Anything But Him
August 20, 1953 — U.S. Editorial

The Mossadegh Project | July 17, 2018                         



Exit, Weeping -- Mossadegh

Some day, a historian will write the story of Iran during Premier Mossadegh’s rule—and a future generation will have great difficulty believing that it is fact, not fancy.

News dispatches now say that the thin, weeping, wily, slippery 78-year-old dictator is out, definitely. [He was 71, and no dictator] We will believe that he has lost his grip and is gone for good only when all the reports have been checked, double-checked and triple-checked.

If only the Iranian troubles had been less bloody and somber, they would have been excellent source material for a Gilbert and Sullivan libretto. Never before in the history of the world has a nation been administered so fantastically.

By and large, dictators are vicious creatures, but their goals are easily discernible. They lead from strength. Mossadegh led from weakness. When one considers that this man, by expropriating and nationalizing the Anglo-Iranian Oil Co., literally cut his country’s economic throat and left it dying and then played upon the public’s emotionalism and nationalistic fervor so shrewdly that they backed him up, then trying to clarify and explain simply defies reason.

For every crisis, Mossadegh found a scapegoat. But slowly, steadily, he ran out of both scapegoats and friends. Finally nothing was left but the powerful communistic Tudeh Party.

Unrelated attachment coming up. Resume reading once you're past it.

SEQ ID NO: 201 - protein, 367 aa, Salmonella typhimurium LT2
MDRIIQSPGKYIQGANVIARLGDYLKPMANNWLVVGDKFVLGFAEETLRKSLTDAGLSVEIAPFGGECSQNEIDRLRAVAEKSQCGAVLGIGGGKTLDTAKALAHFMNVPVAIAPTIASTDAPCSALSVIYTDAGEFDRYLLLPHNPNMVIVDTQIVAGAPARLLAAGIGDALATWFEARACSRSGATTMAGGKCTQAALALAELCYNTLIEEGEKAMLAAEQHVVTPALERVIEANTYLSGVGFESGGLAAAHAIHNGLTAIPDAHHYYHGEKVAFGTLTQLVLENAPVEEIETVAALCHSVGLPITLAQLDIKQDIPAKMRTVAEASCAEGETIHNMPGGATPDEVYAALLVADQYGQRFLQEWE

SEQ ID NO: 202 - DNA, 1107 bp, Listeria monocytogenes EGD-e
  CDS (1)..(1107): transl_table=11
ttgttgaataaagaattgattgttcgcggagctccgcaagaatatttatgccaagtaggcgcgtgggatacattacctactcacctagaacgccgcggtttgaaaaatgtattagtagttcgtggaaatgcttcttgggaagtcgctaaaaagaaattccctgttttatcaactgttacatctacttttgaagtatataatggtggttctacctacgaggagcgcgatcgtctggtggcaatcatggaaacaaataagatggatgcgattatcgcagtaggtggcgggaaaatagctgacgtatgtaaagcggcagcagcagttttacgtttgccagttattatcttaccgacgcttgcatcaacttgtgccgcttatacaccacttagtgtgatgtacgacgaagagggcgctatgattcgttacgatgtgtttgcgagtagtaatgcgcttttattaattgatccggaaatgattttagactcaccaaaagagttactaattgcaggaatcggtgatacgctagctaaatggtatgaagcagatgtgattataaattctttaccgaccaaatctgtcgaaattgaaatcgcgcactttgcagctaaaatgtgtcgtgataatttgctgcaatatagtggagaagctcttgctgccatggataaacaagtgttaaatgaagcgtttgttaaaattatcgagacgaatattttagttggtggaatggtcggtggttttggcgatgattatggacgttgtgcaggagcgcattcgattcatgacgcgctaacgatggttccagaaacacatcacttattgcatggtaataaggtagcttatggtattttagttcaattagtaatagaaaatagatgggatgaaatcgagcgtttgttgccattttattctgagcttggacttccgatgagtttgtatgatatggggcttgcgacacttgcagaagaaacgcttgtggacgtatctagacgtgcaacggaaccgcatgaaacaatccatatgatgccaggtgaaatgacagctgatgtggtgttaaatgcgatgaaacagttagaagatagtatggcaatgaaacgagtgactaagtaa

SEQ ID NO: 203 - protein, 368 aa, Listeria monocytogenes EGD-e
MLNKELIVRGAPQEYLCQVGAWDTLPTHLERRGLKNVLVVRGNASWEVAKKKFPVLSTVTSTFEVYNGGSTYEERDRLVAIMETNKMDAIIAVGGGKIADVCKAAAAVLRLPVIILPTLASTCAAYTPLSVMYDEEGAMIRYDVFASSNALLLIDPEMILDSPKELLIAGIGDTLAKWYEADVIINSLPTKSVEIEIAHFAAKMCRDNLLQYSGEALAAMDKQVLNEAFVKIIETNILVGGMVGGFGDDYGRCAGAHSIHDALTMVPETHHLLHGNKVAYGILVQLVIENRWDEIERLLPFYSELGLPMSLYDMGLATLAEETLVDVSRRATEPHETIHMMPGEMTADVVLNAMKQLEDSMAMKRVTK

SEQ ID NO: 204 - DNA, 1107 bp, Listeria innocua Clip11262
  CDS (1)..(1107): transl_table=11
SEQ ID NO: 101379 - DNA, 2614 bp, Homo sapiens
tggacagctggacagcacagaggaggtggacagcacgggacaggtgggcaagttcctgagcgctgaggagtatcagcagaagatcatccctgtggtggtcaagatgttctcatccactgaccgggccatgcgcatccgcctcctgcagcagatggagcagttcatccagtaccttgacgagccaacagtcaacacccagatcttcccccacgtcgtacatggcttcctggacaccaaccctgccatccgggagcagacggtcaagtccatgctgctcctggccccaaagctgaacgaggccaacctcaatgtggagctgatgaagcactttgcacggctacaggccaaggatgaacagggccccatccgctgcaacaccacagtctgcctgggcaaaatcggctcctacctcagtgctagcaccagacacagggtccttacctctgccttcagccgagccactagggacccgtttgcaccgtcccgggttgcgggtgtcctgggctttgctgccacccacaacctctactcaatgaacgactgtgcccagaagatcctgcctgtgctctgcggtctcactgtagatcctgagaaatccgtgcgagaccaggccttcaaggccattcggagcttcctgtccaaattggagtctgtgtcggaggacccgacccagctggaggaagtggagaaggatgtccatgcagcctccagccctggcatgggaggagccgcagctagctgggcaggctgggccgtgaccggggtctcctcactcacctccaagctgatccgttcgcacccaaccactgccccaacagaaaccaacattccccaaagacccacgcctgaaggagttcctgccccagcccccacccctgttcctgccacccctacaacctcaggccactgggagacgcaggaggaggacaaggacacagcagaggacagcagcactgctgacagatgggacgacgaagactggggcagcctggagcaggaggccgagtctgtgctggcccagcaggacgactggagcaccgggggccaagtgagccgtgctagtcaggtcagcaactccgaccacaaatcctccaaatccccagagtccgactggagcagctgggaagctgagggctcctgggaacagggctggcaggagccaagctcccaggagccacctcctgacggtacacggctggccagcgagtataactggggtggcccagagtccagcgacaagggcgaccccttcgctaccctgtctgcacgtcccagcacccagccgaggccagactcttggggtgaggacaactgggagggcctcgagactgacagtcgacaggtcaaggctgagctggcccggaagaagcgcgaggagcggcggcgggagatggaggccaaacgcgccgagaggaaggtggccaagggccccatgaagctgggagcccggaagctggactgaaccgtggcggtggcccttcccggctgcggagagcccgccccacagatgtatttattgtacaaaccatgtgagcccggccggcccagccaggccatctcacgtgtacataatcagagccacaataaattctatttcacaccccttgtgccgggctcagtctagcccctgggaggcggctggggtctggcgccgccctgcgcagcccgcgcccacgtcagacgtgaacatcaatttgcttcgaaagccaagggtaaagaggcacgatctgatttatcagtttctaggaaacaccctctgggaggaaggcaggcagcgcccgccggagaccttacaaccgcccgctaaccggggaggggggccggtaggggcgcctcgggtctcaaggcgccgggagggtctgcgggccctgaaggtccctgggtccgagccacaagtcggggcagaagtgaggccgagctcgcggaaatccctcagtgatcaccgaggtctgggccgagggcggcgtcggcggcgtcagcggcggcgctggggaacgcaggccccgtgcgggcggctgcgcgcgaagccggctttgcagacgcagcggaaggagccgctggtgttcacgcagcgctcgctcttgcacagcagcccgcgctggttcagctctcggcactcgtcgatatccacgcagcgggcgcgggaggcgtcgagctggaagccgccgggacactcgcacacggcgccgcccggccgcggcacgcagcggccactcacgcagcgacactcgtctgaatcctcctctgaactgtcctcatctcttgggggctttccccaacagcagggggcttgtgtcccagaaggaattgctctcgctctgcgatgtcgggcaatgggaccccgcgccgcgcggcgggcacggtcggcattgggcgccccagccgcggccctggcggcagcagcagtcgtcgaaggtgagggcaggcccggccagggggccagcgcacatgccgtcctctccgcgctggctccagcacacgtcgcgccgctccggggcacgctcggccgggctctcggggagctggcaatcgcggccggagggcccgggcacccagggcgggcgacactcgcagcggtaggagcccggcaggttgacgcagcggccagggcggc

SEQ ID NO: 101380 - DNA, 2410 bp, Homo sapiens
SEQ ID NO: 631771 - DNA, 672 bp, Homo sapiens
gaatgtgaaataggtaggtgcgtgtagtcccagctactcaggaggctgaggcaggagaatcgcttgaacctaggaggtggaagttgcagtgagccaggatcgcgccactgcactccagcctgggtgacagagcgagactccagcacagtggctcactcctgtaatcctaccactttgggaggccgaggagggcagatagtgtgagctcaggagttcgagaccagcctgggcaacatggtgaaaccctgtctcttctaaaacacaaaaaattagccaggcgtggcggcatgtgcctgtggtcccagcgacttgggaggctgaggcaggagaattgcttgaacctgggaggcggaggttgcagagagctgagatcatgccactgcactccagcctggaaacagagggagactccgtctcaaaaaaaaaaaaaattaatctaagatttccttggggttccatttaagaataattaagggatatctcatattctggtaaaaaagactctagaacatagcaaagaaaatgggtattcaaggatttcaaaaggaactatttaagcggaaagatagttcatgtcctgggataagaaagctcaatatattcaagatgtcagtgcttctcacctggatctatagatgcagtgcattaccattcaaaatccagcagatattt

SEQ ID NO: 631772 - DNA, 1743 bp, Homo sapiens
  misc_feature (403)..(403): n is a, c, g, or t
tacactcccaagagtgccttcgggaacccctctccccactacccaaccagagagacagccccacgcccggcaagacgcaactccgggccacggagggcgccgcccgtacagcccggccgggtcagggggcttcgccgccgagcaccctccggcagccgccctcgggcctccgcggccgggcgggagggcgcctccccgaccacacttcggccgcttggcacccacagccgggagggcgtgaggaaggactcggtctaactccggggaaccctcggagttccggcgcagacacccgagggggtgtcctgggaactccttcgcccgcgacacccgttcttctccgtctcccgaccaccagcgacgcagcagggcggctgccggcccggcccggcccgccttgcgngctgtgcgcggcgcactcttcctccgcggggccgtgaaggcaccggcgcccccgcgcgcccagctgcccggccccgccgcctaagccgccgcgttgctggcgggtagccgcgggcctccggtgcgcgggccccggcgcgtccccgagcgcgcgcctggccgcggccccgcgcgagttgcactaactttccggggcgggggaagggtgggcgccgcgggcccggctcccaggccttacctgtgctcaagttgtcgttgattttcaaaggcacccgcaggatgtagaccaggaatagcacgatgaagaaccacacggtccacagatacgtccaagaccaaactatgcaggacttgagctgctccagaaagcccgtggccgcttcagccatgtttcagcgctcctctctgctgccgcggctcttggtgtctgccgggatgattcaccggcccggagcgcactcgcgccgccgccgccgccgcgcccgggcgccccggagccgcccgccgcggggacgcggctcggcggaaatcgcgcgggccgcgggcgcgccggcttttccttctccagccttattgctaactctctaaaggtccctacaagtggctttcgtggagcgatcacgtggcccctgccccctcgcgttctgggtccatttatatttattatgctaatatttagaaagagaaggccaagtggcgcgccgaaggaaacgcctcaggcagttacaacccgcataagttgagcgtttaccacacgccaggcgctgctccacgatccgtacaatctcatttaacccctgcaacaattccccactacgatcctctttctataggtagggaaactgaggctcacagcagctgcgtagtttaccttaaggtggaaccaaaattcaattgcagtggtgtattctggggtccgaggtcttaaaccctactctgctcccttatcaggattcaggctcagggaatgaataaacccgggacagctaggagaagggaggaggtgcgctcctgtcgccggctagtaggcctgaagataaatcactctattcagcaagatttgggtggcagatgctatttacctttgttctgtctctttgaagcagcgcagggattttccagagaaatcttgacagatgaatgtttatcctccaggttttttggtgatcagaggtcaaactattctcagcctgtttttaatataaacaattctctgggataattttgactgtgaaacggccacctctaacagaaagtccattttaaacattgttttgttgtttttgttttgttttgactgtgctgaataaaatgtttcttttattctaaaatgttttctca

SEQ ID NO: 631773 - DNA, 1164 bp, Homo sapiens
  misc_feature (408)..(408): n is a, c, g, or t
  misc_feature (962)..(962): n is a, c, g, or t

Only a few days ago, observers were worrying that Mossadegh had worked his way into the inescapable position of alliance with Russia. Now, through an army revolt, alliance with Russia seems the least likely of all upshots. This means that the smartest of observers were right on Tuesday and wrong on Wednesday. Maybe they will be right today and wrong tomorrow. This newspaper has no intention of hop-skipping back and forth with the “experts.”

Yet one comment seems a safe one to make, however brutal.

It is that come what may in Iran, anything would be better than more of Mossadegh. This man sat on a keg of Middle Eastern dynamite and threatened the world by scratching matches and blowing them out. Sooner or later a lighted match was bound to drop.


Newspapers that published this editorial included:

The Democrat and Chronicle (Rochester, New York) — Aug. 20, 1953 (lead ed.) (title: Exit, Weeping)
The Ithaca Journal (Ithaca, New York) — Aug. 21, 1953 (lead ed.) (title: Exit One Dictator)
The Ogdensburg Journal (Ogdensburg, New York) — August 22, 1953 (lead ed.) (title: Exit, Weeping -- Mossadegh)



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Related links:

Iran Coup Vindicates Tough U.S. Policy | Edgar Ansel Mowrer, August 26, 1953

Mossadegh Gives Up | The Times Record, August 21, 1953

Whither Iran? | Detroit Free Press, August 21, 1953



MOSSADEGH t-shirts — “If I sit silently, I have sinned”

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